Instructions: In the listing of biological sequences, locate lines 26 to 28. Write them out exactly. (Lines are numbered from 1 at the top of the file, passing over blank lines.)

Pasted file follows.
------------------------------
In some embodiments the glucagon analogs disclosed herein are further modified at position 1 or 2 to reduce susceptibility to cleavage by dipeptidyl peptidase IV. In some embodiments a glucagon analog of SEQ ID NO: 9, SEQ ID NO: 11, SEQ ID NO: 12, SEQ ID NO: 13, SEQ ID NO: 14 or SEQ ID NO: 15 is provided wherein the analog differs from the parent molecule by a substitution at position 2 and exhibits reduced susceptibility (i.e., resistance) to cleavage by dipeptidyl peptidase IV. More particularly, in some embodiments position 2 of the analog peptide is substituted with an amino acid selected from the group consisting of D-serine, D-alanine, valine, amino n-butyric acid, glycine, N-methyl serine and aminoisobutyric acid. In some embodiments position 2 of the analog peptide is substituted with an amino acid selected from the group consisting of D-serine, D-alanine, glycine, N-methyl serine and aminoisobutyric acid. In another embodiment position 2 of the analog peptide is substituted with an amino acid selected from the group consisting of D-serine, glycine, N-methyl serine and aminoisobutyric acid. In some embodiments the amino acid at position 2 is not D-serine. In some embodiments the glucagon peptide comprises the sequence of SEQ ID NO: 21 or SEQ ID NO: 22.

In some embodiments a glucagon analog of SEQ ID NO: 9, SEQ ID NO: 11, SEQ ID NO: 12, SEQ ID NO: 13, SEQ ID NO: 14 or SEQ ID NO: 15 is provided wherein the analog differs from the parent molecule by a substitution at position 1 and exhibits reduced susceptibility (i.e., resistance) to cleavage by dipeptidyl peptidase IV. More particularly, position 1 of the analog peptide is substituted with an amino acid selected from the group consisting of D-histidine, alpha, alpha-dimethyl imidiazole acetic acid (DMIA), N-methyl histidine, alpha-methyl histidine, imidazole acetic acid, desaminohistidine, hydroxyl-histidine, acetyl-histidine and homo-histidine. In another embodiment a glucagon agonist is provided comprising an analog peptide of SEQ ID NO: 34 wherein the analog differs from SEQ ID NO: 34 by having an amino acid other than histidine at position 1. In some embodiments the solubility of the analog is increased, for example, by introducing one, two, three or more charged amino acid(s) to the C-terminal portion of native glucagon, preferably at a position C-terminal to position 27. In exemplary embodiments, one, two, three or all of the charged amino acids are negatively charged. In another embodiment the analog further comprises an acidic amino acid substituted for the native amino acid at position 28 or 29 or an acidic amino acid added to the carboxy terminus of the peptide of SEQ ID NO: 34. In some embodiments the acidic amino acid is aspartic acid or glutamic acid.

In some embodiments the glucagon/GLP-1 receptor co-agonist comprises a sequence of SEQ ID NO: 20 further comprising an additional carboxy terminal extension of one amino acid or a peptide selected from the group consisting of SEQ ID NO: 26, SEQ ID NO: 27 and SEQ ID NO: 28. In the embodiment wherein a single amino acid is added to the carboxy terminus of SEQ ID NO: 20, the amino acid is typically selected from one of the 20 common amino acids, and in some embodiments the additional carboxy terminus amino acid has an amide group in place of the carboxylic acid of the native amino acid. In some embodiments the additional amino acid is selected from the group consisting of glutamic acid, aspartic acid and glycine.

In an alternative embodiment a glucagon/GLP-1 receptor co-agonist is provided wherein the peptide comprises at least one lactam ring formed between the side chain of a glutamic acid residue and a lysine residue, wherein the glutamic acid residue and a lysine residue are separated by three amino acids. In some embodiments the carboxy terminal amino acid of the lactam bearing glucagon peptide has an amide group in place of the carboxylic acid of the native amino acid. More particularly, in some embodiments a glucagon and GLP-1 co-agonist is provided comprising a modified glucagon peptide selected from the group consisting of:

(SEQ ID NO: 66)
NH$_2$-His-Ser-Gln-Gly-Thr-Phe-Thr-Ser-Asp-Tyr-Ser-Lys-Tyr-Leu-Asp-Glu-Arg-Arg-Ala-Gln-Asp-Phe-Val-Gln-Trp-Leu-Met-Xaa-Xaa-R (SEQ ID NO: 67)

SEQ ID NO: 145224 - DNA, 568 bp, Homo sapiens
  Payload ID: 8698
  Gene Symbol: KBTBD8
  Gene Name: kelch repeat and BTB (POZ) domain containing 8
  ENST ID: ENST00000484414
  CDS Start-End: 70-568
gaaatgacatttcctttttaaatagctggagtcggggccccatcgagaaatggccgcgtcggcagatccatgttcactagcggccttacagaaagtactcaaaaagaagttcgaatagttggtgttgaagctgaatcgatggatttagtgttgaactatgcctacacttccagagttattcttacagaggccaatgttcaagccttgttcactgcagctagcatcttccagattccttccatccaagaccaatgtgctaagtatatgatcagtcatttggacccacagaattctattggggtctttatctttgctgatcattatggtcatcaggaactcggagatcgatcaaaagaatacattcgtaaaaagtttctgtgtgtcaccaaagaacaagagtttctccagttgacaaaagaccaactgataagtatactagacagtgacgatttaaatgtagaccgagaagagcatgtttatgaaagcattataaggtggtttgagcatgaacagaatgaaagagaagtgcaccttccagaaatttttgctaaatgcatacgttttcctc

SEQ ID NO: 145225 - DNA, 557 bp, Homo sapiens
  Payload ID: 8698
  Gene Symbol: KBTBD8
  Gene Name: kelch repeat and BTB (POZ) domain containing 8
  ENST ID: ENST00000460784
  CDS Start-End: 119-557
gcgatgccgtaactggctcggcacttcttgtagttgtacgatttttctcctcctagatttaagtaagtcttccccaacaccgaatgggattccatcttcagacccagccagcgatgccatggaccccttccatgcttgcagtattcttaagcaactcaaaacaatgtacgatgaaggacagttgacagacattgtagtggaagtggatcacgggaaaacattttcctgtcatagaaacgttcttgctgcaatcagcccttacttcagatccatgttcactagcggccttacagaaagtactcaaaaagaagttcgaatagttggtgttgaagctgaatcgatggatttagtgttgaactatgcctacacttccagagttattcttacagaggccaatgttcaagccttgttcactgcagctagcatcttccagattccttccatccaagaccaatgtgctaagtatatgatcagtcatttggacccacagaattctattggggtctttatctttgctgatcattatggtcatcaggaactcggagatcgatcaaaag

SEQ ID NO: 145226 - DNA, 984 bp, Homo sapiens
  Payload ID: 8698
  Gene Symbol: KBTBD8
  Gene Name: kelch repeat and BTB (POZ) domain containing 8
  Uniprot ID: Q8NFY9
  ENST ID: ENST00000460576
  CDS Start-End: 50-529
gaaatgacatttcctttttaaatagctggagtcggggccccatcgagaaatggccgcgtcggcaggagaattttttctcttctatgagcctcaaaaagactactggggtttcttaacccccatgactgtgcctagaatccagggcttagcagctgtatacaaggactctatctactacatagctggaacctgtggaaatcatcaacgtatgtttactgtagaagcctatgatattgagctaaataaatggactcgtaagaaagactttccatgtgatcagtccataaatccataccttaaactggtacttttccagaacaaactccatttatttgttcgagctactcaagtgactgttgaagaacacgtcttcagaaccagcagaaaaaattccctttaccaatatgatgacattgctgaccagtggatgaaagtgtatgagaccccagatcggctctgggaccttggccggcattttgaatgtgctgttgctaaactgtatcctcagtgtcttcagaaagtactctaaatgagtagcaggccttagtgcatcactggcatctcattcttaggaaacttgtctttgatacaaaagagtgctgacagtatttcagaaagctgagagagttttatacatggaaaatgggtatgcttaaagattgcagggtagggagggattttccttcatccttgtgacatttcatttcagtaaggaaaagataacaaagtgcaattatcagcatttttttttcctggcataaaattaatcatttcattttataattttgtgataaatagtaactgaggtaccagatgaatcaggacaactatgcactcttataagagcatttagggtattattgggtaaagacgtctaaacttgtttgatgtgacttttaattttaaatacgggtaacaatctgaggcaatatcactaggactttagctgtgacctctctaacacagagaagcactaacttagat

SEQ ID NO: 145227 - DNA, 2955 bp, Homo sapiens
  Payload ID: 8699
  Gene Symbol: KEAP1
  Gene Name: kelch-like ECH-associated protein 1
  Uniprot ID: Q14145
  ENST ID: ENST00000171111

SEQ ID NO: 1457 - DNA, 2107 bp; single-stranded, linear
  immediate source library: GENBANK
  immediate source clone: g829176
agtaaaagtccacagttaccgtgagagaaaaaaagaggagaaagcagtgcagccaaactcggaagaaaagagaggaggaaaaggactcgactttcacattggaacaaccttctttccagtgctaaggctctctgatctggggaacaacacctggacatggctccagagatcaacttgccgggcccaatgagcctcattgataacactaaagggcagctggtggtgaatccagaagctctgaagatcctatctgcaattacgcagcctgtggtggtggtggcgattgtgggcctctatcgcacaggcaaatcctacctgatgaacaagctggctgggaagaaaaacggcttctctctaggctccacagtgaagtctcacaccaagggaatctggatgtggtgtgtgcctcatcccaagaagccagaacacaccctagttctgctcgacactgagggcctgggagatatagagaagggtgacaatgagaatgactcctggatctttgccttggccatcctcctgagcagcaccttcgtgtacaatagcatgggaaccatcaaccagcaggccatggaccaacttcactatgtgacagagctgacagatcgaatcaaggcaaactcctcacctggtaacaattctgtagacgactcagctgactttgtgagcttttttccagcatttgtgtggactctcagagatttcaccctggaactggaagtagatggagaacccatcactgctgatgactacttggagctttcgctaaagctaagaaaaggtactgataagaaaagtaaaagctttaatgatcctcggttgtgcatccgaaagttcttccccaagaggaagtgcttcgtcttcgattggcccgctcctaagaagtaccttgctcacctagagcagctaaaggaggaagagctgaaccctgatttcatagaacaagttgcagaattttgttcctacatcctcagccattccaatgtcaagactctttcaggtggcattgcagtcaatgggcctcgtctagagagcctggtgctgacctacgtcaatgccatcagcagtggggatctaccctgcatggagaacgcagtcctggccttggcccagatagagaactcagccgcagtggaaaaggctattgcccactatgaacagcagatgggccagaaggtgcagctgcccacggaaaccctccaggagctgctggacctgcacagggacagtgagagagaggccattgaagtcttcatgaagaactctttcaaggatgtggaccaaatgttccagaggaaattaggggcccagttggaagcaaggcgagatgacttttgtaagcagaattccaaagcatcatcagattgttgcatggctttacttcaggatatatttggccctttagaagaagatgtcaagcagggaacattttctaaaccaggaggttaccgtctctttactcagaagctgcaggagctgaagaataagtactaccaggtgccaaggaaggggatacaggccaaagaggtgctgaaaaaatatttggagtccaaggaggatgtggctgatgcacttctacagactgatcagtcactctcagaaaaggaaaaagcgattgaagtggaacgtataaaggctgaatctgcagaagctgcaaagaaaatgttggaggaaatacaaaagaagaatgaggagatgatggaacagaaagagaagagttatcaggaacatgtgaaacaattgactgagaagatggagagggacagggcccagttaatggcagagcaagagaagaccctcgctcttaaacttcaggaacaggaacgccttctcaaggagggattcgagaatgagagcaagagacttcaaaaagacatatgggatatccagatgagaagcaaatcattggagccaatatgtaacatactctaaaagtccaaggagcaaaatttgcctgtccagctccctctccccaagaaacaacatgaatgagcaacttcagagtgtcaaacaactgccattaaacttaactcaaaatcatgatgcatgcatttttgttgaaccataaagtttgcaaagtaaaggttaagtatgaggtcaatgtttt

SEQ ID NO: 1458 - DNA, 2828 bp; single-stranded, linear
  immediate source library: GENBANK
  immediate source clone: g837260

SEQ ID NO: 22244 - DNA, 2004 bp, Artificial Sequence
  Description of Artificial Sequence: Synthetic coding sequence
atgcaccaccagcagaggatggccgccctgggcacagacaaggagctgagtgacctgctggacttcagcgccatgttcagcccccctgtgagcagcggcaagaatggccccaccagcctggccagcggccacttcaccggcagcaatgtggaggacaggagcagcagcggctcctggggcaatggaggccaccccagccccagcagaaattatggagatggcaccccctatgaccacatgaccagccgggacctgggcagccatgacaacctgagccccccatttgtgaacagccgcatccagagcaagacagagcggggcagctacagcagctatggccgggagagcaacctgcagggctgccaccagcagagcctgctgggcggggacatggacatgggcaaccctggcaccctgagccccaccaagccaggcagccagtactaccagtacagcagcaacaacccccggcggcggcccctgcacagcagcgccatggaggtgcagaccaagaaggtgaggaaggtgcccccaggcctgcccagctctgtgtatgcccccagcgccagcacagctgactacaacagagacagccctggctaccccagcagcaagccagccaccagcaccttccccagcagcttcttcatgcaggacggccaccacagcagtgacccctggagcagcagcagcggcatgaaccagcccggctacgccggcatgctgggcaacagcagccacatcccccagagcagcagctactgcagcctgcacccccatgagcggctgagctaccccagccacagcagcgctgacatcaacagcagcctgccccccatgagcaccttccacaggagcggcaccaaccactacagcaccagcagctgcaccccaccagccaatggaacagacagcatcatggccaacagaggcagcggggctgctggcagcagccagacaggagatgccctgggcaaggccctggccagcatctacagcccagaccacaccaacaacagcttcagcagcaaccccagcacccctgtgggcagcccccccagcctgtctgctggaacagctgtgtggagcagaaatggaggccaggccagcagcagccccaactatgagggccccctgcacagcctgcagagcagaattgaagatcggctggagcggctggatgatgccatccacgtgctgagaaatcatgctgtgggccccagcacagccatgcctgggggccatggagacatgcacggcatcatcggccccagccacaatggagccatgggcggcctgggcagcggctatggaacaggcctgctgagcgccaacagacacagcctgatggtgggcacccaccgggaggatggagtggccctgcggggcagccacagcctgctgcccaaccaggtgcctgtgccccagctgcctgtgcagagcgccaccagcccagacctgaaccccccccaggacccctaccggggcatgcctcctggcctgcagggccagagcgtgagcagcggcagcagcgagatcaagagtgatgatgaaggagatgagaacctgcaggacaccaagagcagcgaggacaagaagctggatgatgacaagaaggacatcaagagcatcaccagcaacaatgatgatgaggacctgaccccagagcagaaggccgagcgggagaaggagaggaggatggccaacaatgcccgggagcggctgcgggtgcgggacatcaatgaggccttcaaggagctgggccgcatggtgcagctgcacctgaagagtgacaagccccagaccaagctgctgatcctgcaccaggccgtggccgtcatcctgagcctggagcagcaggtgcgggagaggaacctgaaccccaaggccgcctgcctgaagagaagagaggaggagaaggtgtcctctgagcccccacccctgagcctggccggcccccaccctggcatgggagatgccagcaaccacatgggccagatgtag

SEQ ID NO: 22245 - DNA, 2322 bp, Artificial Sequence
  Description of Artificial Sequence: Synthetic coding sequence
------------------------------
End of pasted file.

  ENST ID: ENST00000460576
  CDS Start-End: 50-529
gaaatgacatttcctttttaaatagctggagtcggggccccatcgagaaatggccgcgtcggcaggagaattttttctcttctatgagcctcaaaaagactactggggtttcttaacccccatgactgtgcctagaatccagggcttagcagctgtatacaaggactctatctactacatagctggaacctgtggaaatcatcaacgtatgtttactgtagaagcctatgatattgagctaaataaatggactcgtaagaaagactttccatgtgatcagtccataaatccataccttaaactggtacttttccagaacaaactccatttatttgttcgagctactcaagtgactgttgaagaacacgtcttcagaaccagcagaaaaaattccctttaccaatatgatgacattgctgaccagtggatgaaagtgtatgagaccccagatcggctctgggaccttggccggcattttgaatgtgctgttgctaaactgtatcctcagtgtcttcagaaagtactctaaatgagtagcaggccttagtgcatcactggcatctcattcttaggaaacttgtctttgatacaaaagagtgctgacagtatttcagaaagctgagagagttttatacatggaaaatgggtatgcttaaagattgcagggtagggagggattttccttcatccttgtgacatttcatttcagtaaggaaaagataacaaagtgcaattatcagcatttttttttcctggcataaaattaatcatttcattttataattttgtgataaatagtaactgaggtaccagatgaatcaggacaactatgcactcttataagagcatttagggtattattgggtaaagacgtctaaacttgtttgatgtgacttttaattttaaatacgggtaacaatctgaggcaatatcactaggactttagctgtgacctctctaacacagagaagcactaacttagat